The Ravens had been in this situation so many times.
Their offense punted the ball away late, putting the defense on the field, needing Baltimore's calling-card unit to step up just one more time for a victory. This time, they had Chargers veteran Philip Rivers on the other side, a foe very capable of marching his team in for a touchdown.
That script ended with heartbreak too many times. But not this time.
Inside linebacker Patrick Onwuasor punched the ball out of the arms of veteran tight end Antonio Gates and cornerback Tavon Young scooped it up and returned it 62 yards for a touchdown, essentially sealing the Ravens' 22-10 win in Los Angeles.
Was this the result of lessons learned from the past? Head Coach John Harbaugh swatted that notion away.
"It just doesn't matter to me or to us. It doesn't matter," Harbaugh said. "You take the next challenge and our guys have done that. They plan for the next game and situation and do their best."
It's Week 16, and this Ravens team isn't interested in looking backwards. It's shedding its skin after three straight years outside the playoffs.
The Ravens still need to finish the job in Week 17 against the Cleveland Browns. The Ravens were in a win-and-get-in situation last year and crumbled on fourth-and-12 against the Bengals. They need more stops and another win before they can really get that monkey off their back.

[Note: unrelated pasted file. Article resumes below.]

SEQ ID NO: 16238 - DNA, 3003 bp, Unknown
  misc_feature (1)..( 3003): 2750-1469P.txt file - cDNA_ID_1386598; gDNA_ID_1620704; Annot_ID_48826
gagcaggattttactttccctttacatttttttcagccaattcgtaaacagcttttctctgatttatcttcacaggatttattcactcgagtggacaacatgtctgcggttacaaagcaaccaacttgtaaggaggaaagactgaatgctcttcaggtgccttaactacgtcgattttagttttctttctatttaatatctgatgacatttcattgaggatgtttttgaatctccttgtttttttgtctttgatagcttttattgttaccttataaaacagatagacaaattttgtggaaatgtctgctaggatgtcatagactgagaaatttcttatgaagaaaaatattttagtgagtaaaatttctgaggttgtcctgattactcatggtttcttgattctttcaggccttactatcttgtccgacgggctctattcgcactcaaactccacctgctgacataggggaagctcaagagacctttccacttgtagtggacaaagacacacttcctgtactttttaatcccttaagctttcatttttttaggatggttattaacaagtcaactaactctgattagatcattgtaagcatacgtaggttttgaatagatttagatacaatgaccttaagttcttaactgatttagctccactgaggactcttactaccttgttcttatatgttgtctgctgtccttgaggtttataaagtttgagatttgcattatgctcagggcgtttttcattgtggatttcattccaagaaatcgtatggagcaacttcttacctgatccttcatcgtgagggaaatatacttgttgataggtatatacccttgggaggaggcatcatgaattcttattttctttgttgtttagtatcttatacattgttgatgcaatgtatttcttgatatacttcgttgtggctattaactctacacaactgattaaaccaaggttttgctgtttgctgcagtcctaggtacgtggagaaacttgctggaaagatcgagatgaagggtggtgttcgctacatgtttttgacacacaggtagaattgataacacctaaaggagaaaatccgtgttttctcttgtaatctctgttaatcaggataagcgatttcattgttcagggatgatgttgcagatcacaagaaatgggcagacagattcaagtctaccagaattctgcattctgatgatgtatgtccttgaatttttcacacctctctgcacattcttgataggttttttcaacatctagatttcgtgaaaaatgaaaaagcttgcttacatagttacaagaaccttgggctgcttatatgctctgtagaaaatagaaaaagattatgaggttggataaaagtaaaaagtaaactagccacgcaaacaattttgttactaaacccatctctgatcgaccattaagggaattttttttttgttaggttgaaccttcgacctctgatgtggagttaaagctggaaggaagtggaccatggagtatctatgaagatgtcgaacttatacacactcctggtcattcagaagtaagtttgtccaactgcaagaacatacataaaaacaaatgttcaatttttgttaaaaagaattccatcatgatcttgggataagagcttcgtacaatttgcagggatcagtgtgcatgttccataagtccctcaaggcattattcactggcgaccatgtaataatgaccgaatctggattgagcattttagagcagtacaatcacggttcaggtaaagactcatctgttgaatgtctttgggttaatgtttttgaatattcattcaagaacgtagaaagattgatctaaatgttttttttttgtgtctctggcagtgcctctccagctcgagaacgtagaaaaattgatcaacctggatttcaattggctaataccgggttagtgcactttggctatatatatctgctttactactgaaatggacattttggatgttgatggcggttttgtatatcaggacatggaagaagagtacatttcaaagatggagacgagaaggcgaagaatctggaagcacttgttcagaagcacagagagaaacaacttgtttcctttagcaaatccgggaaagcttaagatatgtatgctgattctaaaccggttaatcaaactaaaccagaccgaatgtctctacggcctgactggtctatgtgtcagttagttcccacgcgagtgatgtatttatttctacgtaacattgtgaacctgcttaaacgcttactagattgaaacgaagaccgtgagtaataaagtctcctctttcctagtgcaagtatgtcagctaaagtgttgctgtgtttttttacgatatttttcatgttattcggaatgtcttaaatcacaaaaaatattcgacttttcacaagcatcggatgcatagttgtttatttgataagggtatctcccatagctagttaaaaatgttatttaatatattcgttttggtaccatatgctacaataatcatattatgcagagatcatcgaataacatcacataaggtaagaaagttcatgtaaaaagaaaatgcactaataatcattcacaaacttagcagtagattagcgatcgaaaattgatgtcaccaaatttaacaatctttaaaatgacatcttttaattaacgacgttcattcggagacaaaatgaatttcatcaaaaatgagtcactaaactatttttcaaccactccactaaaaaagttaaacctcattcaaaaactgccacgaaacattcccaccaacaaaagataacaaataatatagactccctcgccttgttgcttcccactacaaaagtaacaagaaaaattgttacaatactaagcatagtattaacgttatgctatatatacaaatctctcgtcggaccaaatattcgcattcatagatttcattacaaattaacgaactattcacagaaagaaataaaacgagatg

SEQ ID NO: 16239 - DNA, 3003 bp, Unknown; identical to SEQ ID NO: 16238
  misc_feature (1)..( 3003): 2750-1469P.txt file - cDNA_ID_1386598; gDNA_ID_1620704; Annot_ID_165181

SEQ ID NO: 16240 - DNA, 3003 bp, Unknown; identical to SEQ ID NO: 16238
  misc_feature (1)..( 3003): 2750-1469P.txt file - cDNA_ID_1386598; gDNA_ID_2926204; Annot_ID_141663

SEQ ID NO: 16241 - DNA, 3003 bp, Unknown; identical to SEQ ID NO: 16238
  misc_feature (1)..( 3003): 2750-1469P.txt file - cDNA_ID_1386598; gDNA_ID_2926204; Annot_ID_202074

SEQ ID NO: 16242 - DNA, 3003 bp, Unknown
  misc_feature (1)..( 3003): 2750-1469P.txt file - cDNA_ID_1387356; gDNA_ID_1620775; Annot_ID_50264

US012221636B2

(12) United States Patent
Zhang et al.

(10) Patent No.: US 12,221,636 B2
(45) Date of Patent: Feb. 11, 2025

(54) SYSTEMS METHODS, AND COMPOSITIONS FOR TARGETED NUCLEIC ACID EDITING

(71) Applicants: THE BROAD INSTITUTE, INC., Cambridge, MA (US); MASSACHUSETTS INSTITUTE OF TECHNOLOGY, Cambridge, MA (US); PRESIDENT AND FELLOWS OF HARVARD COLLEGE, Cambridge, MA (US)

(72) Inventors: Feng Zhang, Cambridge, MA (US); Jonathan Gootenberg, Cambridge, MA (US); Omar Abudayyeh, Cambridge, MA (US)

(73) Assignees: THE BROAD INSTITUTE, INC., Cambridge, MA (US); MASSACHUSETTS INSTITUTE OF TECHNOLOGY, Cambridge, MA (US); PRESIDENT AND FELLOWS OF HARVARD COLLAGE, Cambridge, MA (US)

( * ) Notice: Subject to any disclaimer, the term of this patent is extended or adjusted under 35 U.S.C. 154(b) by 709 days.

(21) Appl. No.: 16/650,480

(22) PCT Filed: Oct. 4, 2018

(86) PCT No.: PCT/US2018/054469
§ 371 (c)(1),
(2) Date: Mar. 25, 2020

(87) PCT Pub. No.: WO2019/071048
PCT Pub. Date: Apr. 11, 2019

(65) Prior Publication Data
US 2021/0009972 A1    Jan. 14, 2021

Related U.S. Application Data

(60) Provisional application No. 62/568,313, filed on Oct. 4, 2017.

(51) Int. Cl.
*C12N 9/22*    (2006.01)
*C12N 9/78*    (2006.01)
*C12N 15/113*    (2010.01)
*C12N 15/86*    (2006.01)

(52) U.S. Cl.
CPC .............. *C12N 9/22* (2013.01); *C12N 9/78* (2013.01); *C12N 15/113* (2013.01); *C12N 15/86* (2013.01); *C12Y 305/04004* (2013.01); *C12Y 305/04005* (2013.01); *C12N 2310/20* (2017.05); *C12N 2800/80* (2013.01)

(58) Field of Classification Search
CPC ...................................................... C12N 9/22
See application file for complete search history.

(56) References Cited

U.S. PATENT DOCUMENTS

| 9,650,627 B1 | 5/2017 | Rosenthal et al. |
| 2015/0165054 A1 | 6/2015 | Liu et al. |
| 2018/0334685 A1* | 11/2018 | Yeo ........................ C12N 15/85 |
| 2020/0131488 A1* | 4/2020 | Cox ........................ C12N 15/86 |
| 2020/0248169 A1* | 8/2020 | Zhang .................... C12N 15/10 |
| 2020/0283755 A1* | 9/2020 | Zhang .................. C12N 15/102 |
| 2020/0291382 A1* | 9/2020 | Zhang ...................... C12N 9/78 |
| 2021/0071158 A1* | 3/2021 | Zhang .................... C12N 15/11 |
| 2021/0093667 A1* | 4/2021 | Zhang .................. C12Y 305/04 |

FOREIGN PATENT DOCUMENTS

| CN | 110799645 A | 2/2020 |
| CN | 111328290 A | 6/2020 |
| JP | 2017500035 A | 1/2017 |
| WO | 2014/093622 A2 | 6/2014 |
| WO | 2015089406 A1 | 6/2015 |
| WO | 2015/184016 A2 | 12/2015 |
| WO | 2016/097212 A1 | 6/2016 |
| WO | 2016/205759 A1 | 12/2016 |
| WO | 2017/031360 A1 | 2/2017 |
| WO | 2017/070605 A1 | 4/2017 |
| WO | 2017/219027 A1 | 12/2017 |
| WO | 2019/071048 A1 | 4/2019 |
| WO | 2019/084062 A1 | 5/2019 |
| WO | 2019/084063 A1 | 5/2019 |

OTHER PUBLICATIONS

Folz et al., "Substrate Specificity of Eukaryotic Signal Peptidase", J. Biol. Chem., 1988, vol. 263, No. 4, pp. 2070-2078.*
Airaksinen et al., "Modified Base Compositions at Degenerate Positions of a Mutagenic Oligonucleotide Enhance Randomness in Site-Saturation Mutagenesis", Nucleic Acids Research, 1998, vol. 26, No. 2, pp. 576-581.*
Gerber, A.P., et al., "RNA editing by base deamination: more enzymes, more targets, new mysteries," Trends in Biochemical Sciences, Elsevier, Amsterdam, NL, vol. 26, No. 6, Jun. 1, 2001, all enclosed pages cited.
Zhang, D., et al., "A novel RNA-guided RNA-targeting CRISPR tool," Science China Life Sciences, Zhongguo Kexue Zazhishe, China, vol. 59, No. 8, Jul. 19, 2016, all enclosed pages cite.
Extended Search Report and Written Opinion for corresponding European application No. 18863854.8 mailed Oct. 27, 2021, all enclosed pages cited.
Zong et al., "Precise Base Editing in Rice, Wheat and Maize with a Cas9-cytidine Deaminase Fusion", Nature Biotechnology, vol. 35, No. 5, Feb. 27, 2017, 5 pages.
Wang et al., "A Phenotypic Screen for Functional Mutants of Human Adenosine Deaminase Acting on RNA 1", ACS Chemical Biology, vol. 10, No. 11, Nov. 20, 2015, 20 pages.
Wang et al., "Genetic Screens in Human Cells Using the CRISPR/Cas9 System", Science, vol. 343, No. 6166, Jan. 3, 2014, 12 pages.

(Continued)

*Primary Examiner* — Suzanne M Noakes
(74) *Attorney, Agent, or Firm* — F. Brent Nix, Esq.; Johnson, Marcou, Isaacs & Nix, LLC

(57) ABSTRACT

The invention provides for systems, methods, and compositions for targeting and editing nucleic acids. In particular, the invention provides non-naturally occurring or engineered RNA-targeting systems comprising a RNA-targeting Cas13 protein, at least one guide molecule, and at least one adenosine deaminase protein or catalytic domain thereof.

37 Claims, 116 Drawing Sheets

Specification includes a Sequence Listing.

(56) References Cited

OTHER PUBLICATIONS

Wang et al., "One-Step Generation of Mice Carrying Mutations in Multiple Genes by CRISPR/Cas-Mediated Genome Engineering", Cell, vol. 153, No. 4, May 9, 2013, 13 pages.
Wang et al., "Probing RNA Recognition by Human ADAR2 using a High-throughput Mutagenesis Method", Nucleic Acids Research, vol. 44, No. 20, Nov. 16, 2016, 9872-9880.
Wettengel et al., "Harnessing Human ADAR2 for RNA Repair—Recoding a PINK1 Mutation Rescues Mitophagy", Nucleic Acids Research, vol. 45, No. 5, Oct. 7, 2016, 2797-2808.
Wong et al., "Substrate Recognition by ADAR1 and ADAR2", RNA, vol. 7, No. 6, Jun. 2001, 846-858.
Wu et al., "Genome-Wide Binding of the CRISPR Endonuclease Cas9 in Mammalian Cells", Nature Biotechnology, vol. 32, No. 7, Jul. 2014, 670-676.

But had it not been for Onwuasor and Young's play in Los Angeles, this season's improvement may have been overlooked.
It's the second time in four games Onwuasor and Young have combined for a scoop and score. They did the same to close out a win, and dominant defensive performance against a top-flight offense, in Atlanta. That score was from 12 yards out and not in nearly as high stakes a situation.
"The Falcons game, he got the fumble and I scooped it. Today, he got the fumble and I scooped it," Young said. "That boy [is] great."
Onwuasor had the best game of his three-year career. The former undrafted rookie, who is from Inglewood in Los Angeles, added two sacks to his game-changing forced fumble.
Onwuasor, nicknamed "Peanut," said he had told a teammate earlier in the game that he had seen some opportunities to punch the ball out. Sure enough, Gates was holding the ball a bit loose as he was tackled to the turf.
"I just saw the ball and I punched," Onwuasor said. "We work on it in practice every week, going out there, stripping drills and stuff like that. When I saw my opportunity, I just took it."
Onwuasor said he wasn't sure if Gates was down before the ball came out. Neither was Young, but he was praying. The referees had a long meeting before ruling it a touchdown, and it stood up to review.
"I was just running. I wasn't going to let no quarterback catch me," Young said. "Once I got in the end zone, I was looking around like, 'Lord, please, don't let him have been down.' My dawg, he got it out in time."
The Ravens defense, ranked at or near the top of the league for much of the year, had been surprisingly lacking in turnovers. All season, they've been saying turnovers come in bunches, and they got three in Los Angeles.
"We never take [our foot] off the peddle," Onwuasor said.
"This whole week we were talking about shutting them out. That's our goal every week. We have high standards around here," Young added. "I feel like we match well against any team; we show that every game. We just have to keep it going."